SEA's Curt Cyliax interviews Kevin Momenee
Kevin Momenee, this is Curt Cyliax from SEA. Thanks for joining the call this morning.
Oh, you're welcome.
I wondered if you could tell us a little bit about the history of your business, Momenee & Associates.
Well, we're a site development civil engineering company. The company was formed in 1982 during the recession. We thought that most of the engineering companies we knew about were closing up, and we had tried to make provisions to protect ourselves in case that happened to us, so we had a couple of projects that we thought we could leave the prior company with to get Momenee & Associates started. And so we left, and it turned out we lost those projects because of the recession. So we were beating the bushes for six months. We didn't have any real projects. And then we met up with a client that we had previously who had a project that was in jeopardy. He asked if we could help him out, and we said sure. We didn't have anything to lose. So it turned out to be successful, and then he turned out to be our best salesman after that. So from that time on we had steady growth up until today.
An interesting start to business. So when or how did you know it was time to sell your business? What sort of led you to the decision to sell your business to another company and not to the employees?
Well, a number of things. One, I enjoy doing the engineering, and as time goes on I was doing more and more administrative things. And technology has been changing along the years, too. So when we started out I wrote all the software that we used to do our business, and now the software has progressed to the point where I feel that I'm further away from it and haven't been able to keep up with all the current technology. So I feel a little bit more out of it; maybe it's time for some of the younger people to take over and do things. And also from a family perspective, my last – youngest son was graduating from college, and that would free us up financially. My wife likes to travel, so we thought we would, you know, retire and do more of that kind of thing.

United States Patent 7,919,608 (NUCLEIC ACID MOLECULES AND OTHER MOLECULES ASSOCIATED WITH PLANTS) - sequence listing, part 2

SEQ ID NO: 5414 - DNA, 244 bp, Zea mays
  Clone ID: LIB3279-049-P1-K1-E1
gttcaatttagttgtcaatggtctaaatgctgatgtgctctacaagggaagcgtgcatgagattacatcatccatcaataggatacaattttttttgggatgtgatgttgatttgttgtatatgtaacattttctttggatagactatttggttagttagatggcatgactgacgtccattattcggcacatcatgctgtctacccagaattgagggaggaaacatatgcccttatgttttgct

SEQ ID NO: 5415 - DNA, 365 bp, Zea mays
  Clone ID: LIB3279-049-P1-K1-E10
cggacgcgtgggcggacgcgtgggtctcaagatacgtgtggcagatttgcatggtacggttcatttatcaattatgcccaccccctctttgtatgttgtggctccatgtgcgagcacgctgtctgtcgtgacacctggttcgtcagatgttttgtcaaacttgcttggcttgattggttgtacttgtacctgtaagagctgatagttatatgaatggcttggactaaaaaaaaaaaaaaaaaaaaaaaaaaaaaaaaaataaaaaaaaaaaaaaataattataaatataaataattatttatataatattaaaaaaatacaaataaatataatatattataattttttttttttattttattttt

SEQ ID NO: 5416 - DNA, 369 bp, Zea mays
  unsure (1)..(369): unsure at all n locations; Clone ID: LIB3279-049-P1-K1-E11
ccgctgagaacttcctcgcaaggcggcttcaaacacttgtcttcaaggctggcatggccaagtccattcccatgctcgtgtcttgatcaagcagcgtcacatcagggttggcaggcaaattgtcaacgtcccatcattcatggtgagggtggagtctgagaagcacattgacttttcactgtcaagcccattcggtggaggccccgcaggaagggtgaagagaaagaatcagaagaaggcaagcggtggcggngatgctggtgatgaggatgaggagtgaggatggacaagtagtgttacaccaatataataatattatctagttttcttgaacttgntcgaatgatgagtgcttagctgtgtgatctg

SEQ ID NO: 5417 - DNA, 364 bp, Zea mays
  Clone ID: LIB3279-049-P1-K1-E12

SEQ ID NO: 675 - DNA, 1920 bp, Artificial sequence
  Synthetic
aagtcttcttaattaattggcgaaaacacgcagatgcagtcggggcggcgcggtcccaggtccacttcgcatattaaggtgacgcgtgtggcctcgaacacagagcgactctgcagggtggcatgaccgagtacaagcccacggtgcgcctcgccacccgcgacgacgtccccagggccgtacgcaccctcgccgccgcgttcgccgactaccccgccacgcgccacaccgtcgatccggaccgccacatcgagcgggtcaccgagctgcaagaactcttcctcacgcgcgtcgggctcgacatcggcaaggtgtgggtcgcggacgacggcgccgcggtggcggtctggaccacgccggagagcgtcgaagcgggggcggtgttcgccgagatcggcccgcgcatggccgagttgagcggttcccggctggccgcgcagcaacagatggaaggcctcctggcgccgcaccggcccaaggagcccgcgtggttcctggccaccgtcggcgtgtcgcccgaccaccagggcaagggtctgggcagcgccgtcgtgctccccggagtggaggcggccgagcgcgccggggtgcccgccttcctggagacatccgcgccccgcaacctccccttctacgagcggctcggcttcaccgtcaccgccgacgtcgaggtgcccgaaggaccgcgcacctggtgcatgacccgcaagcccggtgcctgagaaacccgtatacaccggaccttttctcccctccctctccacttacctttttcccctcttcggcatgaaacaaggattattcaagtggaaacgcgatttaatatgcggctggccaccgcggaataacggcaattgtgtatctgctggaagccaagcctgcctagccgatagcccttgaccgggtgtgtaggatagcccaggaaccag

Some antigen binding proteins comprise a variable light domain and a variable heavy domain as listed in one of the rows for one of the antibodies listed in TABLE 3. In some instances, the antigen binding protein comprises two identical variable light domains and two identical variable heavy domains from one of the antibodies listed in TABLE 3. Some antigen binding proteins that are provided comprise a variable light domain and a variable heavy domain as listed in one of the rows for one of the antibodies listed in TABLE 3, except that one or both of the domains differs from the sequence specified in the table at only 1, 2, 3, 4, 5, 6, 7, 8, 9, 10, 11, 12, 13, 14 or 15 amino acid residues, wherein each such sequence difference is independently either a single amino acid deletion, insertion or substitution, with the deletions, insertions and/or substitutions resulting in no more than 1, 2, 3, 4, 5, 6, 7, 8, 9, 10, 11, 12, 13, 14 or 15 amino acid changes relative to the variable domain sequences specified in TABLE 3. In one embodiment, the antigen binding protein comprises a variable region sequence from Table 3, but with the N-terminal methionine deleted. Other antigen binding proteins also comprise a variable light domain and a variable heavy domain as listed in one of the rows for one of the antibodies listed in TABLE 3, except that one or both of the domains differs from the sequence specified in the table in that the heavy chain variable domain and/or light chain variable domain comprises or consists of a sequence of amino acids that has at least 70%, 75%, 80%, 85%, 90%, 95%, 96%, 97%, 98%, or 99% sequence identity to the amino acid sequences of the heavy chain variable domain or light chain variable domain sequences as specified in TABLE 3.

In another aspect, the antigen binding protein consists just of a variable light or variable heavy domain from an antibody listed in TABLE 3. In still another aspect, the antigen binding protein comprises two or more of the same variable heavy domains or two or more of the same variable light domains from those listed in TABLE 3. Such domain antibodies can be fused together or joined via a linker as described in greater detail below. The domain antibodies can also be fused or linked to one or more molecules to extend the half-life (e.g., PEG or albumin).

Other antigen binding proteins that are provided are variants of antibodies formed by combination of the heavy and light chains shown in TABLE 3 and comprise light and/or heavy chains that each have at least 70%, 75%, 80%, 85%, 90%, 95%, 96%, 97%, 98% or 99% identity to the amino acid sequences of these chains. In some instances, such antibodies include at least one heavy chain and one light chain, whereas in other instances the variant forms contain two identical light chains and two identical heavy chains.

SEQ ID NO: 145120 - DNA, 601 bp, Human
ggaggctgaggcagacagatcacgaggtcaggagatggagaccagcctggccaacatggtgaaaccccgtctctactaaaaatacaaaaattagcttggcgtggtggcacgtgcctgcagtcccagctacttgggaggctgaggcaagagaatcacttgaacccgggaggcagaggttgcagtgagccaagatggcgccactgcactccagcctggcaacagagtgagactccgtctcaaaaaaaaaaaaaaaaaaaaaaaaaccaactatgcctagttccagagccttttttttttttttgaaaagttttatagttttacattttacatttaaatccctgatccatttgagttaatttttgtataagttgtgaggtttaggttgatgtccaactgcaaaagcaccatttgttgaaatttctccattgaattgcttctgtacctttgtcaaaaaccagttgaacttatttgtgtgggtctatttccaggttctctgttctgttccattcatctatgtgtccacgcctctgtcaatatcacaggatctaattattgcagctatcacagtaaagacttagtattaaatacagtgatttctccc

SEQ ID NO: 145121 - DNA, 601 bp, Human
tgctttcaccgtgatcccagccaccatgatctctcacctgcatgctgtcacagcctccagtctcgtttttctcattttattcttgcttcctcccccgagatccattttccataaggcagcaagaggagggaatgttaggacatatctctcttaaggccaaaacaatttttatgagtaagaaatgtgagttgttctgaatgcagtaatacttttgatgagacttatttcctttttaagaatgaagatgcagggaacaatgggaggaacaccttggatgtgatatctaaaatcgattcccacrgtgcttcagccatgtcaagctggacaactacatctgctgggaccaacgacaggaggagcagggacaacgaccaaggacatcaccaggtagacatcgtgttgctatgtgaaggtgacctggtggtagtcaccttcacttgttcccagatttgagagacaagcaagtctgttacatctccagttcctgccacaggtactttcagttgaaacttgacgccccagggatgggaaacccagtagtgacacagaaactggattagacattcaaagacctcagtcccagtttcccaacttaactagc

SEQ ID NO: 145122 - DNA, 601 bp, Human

Good. Hopefully that's worked out well for you.
Yeah, since my son just graduated a couple weeks ago we're on a steady road to that goal.
Excellent. So you hired an investment bank. I know you hired SEA to sell your firm. If you can just describe the process you went through in selecting an investment banker and the other professionals around you? What was your vetting process like and what went into the decision making process?
Well, it's not something that immediately started out. I had a consultant that I was using to advise me on how to get more focused from a business perspective. And then during the discussion he realized that I was in a position to sell, or at least was interested in talking about doing it. So we had a mutual friend who had just sold his business and was kind of in the consulting business for advising other people about what's involved in selling your business. So we worked with him for a little bit, and he actually brought SEA into it for us, and that's how we got started.
And when you were going through the process, how did you manage running the business while going through the sales process? Can you tell us a little bit about your experience there and what that was like?